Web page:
British Red Cross Employee Reviews
United Kingdom851 reviews
Found 851 reviews matching the searchSee all 875 reviews
Indeed featured review
The most useful review selected by Indeed
I extremely recommend working for British Red Cross. I have been working for company almost 5 years and I really enjoyed learning new skills and meeting new people from aver the world..race, culture and region. I’m sure it agreat opportunities for people works want to learn and Get skills and experience.
Free lunch and travel
Having been promoted from a volunteer to a paid employee to cover the shop opening hours due to the assistant manager being off work with terminal illness I was encouraged to apply for the vacant position and was unsuccessful due to my lack of commercial experience despite carrying the shop for over 1yr and successfully passing the NVQ i retail and leadership and being a SNCO within the RAF I felt I was used
Discount on goods
I worked for the British Red Cross for three years within their ambulance support team.Initially there was a strong training plan, although much of this was relevant to event first aid rather than emergency care. During my first year there were twice yearly one to ones and we had an area manager that was also on the road doing the same job.After losing our manager due to cost cutting, there was no regular feedback, no one who did welfare checks (particularly after high category jobs like road traffic collisons or cardiac arrests).Ambulatory care involves shift work which can be great, however, our working shift was 12 hours, and we'd be expected to travel 1 to 2 hours either side of that depending on area requirements. This didn't leave ample time between shifts for sleep and often became dangerous by the time I had worked my 3rd shift, especially when asked to work perm night shifts for months on end.Pay was a flat rate regardless of working days/nights/weekendsThe Red Cross was flexible in regard to shift changes or holiday requests. Crewmates could be amazing and the chance to work alongside other agencies was a big positive.No chance to progress. Always lead to believe that we would be given the chance to train up from an emergency care assistant to either tech or paramedic but it never came off and due to this de-skilling, the NHS eventually ended our contract and we were made redundant.There are some wonderful people within this organisation, sadly they are not at the top.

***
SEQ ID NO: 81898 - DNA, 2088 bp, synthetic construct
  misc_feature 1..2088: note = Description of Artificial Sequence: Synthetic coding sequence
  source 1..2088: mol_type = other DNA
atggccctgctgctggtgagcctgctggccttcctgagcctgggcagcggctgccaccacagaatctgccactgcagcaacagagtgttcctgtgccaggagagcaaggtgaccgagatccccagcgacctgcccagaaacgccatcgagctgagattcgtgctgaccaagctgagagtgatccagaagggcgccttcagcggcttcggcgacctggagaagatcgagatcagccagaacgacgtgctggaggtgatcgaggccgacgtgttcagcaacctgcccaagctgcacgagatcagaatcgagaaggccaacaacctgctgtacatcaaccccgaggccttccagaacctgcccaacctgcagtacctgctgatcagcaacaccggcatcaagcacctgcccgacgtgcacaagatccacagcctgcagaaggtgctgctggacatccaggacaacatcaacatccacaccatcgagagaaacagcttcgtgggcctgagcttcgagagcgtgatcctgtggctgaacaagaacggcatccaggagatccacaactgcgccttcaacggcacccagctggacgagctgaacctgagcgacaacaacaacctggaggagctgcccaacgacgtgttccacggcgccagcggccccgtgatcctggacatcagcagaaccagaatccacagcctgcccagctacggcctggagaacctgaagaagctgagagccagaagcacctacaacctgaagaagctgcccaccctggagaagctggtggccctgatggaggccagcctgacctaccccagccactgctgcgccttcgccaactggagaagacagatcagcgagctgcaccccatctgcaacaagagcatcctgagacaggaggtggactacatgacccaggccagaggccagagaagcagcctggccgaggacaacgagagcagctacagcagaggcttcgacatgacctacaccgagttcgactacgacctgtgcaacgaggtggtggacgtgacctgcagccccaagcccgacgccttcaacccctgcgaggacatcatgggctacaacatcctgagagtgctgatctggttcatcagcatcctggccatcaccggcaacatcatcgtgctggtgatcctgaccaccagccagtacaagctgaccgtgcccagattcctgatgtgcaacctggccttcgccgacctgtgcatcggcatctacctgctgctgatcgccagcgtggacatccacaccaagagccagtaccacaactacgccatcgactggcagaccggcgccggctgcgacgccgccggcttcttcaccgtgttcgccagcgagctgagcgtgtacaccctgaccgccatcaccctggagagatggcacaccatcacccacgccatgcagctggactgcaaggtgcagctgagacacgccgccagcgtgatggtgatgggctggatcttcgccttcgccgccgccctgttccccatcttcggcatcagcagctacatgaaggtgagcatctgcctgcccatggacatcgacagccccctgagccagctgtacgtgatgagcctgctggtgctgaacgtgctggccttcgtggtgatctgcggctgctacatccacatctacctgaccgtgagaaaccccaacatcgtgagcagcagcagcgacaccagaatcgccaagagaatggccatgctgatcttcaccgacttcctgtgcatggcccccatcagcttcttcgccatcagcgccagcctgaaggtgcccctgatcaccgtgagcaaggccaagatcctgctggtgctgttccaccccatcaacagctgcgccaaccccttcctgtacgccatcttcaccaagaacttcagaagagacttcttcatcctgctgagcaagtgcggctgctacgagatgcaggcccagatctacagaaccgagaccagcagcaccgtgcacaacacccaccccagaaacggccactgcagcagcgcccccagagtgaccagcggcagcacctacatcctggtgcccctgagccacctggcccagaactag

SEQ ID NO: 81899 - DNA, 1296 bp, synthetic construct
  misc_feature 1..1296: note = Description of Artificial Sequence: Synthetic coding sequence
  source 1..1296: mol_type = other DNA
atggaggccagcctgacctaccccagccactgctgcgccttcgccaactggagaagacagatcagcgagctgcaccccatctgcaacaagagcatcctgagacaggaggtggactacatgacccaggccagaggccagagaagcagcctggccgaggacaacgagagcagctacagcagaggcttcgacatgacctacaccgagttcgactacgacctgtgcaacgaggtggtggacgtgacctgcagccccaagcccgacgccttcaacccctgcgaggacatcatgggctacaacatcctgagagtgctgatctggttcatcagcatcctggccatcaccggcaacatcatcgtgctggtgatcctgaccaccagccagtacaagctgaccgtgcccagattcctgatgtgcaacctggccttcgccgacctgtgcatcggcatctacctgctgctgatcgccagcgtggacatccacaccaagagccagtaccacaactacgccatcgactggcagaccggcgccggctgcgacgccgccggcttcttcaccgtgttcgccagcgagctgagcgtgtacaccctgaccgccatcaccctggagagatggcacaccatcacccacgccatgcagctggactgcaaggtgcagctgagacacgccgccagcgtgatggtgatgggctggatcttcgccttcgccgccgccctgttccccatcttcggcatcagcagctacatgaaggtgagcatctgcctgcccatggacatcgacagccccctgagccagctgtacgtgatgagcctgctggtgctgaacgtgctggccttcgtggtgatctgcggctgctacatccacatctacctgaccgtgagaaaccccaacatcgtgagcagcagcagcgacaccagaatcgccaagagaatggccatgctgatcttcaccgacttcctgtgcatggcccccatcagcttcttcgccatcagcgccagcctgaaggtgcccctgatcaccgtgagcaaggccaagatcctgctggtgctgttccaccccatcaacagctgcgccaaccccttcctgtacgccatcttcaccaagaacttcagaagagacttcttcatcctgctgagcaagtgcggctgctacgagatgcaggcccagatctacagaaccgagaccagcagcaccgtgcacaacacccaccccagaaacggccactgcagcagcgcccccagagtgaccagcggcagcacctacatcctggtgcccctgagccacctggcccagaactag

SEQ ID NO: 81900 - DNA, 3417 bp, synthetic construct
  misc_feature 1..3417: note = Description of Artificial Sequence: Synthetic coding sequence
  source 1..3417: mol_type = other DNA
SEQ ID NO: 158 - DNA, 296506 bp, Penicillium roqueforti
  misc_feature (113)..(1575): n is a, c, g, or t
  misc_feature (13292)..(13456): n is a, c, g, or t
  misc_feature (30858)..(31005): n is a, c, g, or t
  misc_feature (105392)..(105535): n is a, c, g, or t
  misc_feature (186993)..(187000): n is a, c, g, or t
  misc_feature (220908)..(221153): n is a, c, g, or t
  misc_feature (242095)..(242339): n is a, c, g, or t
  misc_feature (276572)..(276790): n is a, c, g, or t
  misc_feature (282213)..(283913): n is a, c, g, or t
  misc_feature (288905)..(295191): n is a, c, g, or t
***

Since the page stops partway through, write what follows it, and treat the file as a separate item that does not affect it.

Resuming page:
You meet incredible people
poor pay, long hours, no relationship with the management team
Avoid the IT team as you’ll be working and reporting to people who knew less than you and your input are not appreciated. Often all good project gets passed to someone, and you won’t get to do any exciting work and somethings won’t even discuss the work they are involved despite having a daily meeting to discuss work you are doing
Relax env and nice and mostly friendly people
Won’t develop technically and avoid managers
We want to help you find great companies. Help us be the best!
Do these reviews help you learn more about working at British Red Cross?